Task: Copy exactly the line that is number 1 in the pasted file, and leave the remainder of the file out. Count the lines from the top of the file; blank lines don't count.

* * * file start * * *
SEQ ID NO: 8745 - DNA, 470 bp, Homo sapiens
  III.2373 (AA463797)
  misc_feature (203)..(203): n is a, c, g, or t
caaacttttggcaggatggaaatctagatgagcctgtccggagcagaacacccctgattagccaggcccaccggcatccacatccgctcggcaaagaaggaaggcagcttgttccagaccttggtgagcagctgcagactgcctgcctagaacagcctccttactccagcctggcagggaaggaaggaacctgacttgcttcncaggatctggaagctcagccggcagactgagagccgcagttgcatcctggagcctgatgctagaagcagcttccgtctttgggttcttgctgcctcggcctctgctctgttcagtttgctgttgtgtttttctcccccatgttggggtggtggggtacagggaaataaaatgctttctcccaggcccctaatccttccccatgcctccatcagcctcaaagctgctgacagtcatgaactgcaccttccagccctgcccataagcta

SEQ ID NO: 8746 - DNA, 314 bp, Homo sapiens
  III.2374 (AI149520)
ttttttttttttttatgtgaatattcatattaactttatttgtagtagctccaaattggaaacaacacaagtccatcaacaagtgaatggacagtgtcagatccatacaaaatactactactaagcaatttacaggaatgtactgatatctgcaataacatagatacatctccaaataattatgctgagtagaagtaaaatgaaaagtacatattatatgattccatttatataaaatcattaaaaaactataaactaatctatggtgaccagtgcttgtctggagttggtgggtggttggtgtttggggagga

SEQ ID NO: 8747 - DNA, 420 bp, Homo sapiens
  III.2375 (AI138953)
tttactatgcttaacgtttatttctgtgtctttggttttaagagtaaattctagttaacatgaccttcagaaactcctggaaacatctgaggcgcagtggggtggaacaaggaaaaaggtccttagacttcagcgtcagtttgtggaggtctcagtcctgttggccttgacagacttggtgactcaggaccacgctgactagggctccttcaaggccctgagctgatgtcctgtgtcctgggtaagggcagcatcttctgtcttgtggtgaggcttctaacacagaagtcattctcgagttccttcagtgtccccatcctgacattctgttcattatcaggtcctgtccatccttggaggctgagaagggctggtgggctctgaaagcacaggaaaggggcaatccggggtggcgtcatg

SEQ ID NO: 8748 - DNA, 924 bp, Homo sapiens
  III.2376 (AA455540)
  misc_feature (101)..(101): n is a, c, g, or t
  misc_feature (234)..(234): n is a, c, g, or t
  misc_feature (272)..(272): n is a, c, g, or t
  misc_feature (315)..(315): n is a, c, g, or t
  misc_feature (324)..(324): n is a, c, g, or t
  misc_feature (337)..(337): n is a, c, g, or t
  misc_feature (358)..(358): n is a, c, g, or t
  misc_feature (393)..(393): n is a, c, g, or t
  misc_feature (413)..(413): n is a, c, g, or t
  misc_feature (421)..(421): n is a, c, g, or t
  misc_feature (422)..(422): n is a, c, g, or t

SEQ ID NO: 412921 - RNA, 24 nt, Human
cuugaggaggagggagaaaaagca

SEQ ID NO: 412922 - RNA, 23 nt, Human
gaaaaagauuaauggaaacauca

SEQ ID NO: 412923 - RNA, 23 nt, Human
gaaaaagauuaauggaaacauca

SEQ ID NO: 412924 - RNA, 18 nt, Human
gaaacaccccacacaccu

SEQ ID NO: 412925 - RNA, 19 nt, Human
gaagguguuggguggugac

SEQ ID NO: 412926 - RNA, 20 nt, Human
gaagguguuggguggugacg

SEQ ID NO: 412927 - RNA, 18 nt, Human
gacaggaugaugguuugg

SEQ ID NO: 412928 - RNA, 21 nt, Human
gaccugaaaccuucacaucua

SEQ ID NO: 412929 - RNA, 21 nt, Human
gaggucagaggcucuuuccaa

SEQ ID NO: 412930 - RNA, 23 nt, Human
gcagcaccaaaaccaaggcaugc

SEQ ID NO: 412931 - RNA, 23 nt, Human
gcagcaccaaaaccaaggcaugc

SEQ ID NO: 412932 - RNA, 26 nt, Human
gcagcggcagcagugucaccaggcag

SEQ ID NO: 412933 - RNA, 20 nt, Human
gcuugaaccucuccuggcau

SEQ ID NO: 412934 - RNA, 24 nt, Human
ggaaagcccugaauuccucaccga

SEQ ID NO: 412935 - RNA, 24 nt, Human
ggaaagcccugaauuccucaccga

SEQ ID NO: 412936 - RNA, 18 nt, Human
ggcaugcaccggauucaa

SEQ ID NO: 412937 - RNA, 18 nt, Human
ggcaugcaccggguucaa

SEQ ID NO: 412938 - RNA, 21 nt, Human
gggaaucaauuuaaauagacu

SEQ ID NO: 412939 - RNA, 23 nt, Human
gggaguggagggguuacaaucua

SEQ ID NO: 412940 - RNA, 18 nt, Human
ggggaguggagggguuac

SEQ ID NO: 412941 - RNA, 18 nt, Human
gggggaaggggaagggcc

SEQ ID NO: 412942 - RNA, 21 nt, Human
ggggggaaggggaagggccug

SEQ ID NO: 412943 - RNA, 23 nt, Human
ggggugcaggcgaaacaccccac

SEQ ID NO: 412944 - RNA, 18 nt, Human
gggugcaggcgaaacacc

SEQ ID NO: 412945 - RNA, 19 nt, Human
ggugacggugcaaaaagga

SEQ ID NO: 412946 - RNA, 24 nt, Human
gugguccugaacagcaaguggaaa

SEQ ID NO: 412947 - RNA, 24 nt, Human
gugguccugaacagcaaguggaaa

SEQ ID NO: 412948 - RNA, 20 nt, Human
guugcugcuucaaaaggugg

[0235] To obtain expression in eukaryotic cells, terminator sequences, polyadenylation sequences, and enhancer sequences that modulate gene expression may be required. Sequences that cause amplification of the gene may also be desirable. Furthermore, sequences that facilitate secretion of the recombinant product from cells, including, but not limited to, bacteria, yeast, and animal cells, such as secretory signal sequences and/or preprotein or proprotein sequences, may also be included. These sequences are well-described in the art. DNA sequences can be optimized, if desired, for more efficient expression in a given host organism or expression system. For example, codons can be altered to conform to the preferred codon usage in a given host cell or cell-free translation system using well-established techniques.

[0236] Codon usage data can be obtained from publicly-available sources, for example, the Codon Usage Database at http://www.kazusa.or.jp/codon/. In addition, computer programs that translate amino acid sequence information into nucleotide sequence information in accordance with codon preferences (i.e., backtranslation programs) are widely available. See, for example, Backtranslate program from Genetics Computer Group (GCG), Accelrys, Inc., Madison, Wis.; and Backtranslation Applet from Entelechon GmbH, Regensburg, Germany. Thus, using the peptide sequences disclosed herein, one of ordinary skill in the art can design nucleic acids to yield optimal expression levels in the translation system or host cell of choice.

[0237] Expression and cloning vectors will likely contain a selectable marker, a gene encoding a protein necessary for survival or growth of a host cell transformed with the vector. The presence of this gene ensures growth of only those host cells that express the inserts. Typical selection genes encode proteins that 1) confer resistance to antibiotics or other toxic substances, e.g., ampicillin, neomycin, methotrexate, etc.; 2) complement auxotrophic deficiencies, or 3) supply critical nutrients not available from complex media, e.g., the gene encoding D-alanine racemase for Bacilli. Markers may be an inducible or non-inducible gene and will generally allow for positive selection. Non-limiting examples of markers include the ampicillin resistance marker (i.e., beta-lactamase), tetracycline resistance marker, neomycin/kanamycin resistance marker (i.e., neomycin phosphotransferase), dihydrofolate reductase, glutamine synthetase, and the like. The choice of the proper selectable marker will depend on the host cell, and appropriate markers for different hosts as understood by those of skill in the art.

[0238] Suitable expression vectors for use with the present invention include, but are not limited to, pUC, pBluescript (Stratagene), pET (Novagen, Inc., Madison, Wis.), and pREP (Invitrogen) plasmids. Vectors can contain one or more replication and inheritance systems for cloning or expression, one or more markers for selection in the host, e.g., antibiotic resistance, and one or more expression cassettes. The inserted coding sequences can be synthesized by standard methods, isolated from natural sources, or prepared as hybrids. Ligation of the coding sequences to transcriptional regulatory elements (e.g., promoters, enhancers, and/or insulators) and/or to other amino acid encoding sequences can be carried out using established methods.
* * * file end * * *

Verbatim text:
SEQ ID NO: 8745 - DNA, 470 bp, Homo sapiens